Yesterday I had the absolute pleasure of being the International Keynote Speaker for the Workplaces and Workforces of the Future conference in Auckland, New Zealand. As it turns out, it's going to be a very Kiwi year - I'll be back in just a few weeks to run our Strategic Workforce Planning Masterclass in Auckland, Wellington, and Christchurch; and then on April 9th I'll be the keynote speaker at the HR Leaders Summit in Auckland.
One of the concepts we discussed was the once-a-decade newspaper. Imagine there was a newspaper that was only published once a decade, and an edition came out today. (Perhaps this edition would be digital only, given the changing economics of the newspaper industry.)
In the Economics section, there would be a story about Bitcoin, a digital currency not backed by any government, that now has a market capitalisation of $177 Trillion USD, almost the GDP of New Zealand. When the last edition of this newspaper was published, the Bitcoin Whitepaper, the document laying out the case for the currency in the wake of the GFC, hadn't even been published yet.
It might include a story about how there's been a convertible orbiting space, or that there are now three rivers that have legal rights. It would surely mention that there are now 26 countries that have legalised same sex marriage, up from three in 2008.
In politics, there would surely be a story about the Obama Presidency, Trump’s election, and the Arab Spring. Perhaps it would include a story about China's development of a social reputation index.
From a workforce perspective, there would be a story about how 94% of all new jobs being created in the USA are temporary, and that there’s a completely automated supermarket in Seattle. Another would be about how McDonald's, the largest employer of youth in Australia and New Zealand, is automating the ordering process with touch-screens. Big Data and Artificial Intelligence would feature, and there'd be a story about mobile phone games development which didn’t exist in the last edition, has become a $41 Billion industry (and that’s just for games!).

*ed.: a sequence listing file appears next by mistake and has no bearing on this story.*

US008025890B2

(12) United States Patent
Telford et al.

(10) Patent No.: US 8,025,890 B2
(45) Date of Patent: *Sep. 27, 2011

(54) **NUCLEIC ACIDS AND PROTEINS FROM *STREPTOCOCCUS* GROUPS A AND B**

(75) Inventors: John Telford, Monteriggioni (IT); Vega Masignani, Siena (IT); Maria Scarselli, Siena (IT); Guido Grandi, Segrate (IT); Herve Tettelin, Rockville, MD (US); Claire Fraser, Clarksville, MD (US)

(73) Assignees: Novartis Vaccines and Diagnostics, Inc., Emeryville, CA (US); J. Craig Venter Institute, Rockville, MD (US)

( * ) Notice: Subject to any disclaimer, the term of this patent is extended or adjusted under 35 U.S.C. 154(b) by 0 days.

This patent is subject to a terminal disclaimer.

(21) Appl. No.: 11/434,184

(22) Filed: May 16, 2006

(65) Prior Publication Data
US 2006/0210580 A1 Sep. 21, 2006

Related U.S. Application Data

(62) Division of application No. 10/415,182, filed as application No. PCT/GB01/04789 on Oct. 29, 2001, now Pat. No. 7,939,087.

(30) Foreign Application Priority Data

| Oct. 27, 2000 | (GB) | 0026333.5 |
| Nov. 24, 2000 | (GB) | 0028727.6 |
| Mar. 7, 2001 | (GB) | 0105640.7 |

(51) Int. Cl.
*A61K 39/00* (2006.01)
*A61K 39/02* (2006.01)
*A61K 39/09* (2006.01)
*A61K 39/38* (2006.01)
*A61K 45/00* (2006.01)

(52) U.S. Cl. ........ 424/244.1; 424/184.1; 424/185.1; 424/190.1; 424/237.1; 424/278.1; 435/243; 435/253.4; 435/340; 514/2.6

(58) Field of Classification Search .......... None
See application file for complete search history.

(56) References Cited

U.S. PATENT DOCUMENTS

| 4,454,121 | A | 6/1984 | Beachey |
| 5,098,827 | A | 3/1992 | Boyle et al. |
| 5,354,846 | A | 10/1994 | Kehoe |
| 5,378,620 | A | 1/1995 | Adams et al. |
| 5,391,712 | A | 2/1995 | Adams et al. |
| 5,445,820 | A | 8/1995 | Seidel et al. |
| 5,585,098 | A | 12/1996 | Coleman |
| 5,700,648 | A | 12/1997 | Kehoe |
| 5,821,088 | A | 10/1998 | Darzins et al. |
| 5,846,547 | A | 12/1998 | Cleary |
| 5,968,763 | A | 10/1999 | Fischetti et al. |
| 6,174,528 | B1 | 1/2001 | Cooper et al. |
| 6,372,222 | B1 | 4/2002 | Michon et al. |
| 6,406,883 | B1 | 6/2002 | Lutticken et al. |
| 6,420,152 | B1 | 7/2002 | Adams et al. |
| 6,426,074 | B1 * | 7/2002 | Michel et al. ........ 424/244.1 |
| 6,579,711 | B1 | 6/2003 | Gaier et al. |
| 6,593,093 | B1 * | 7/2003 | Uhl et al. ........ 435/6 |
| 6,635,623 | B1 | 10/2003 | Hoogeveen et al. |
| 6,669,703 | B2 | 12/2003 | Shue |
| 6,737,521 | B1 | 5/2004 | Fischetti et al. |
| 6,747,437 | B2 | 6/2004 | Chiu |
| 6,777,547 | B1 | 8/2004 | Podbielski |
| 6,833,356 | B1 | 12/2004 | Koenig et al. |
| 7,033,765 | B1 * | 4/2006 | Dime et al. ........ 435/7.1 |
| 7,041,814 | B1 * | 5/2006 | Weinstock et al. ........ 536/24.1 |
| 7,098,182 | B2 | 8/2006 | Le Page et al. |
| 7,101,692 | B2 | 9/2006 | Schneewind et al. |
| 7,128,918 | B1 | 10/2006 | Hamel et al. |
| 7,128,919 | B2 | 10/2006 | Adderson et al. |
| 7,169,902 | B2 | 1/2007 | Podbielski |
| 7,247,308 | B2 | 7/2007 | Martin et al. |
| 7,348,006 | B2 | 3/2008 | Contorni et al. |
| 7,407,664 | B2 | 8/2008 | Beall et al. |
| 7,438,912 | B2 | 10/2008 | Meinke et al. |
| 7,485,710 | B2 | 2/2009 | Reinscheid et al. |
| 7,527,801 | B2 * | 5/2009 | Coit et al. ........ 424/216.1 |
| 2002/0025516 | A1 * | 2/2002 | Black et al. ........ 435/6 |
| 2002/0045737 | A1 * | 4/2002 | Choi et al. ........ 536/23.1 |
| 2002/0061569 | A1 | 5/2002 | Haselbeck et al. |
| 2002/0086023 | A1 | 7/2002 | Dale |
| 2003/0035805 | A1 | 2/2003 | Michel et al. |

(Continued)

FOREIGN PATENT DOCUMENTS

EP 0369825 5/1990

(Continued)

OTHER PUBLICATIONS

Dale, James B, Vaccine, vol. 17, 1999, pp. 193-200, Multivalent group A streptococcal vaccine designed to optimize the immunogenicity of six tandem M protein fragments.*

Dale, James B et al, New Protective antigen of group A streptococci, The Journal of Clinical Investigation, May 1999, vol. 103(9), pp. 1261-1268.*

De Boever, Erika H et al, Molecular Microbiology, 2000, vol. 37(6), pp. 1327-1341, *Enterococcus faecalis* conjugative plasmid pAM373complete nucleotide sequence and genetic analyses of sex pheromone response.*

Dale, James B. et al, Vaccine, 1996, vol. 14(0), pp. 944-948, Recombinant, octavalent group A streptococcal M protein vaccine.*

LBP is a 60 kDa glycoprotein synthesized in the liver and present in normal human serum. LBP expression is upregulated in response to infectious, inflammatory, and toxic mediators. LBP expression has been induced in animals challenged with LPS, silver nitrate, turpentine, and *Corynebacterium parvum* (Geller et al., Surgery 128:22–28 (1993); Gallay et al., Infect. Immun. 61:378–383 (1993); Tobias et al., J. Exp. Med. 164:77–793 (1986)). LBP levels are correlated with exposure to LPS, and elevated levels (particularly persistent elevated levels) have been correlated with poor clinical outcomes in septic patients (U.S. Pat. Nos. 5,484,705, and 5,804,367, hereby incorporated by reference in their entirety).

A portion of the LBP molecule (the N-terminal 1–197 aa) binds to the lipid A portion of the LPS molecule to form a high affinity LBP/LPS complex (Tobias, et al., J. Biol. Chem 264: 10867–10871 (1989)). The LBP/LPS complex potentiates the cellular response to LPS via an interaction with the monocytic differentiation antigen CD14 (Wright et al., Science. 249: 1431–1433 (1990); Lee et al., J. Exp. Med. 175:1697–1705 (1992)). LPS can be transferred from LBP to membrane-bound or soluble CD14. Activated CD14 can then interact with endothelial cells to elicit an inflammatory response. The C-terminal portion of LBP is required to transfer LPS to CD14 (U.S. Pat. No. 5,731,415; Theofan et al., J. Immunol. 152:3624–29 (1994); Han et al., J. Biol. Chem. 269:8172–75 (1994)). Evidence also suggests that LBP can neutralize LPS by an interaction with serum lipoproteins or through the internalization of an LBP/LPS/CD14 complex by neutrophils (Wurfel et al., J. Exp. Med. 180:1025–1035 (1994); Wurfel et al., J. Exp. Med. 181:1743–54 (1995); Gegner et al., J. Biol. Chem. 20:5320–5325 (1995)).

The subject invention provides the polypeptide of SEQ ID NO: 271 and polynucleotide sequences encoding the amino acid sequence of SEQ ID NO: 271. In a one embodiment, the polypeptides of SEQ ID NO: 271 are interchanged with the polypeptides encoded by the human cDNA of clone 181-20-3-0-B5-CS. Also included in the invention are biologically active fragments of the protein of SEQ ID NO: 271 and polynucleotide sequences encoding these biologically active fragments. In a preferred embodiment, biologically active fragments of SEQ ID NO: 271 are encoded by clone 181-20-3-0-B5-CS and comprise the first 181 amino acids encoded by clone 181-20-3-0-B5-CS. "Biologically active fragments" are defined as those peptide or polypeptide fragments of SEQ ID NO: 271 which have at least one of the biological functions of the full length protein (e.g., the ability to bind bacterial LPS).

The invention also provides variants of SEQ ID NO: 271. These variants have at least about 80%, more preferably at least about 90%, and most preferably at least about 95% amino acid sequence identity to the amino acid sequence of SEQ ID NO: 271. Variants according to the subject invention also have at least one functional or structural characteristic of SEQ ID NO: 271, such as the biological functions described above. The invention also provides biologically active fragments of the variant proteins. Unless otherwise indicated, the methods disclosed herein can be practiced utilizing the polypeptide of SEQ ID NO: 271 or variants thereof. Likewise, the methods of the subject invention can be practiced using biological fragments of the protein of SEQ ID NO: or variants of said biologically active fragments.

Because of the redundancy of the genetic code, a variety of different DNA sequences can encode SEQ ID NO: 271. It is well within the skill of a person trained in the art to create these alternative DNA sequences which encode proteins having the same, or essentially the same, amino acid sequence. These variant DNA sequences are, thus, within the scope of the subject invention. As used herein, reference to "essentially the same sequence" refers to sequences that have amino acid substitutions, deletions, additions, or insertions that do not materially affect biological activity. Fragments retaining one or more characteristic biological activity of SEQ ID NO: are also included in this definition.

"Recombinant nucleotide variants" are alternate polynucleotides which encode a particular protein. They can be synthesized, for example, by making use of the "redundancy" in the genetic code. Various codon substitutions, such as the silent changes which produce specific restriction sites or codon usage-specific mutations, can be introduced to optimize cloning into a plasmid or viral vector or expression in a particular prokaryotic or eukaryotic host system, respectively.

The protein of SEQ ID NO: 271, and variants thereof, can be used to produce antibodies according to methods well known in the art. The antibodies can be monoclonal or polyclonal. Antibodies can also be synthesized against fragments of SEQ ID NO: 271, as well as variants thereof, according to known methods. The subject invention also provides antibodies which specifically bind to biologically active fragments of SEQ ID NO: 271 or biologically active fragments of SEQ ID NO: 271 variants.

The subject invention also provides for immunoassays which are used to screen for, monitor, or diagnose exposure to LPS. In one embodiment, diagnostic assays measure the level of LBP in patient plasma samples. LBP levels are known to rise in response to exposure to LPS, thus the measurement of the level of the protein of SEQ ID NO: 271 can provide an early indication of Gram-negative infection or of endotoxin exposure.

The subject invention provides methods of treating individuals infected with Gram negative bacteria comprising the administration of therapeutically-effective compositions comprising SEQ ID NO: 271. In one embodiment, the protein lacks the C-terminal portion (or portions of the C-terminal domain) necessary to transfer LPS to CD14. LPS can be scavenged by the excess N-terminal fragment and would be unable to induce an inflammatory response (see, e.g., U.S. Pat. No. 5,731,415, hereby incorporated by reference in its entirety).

Put in these terms, it's easy to see how world has changed profoundly in a ten-year period, and the world of work is changing with it... yet many of our people practices stay the same. While knowledge work and it’s location have been dis-intermediated, we still hire people in the same old paradigm and in the same locations that we always have - we just give them the option to “work from home”. Sometimes. But by responding to the trend rather than it's drivers, we leave plenty of opportunity un-explored!
When developing workforce strategy, it's critical that we understand the changes not just our workforce, but our organisation and our industry too. It's critical that we look ahead to the possible changes on the horizon if we are to build a truly agile workforce - that's why when Kienco works with organisations to develop a Strategic Workforce Plan, applied foresight is a critical part of the methodology, along with understanding of the current workforce and the labour market.
For most organisations, more than half of the people in your workforce were hired before all of the significant changes listed above. Add in the changes to your industry, and the world is a very different place - not only in terms of the work that we're doing, but the workforce's expectations and skillsets. The core question of Strategic Workforce Planing is this: How can we identify, build, and support the ideal workforce of the future - the one best positioned to execute the vision, mission, and strategy of our organisations - when we can't predict one "official" future? In order to answer this question, we need to blend art and science, data and foresight. With data alone, we are trying to steer into the future while looking in the rear view mirror! After all, there are no facts about the future, and all of our data is about the past.
If you'd like to know more about how you can blend analytics with foresight for a truly robust Strategic Workforce Plan, let's have a chat!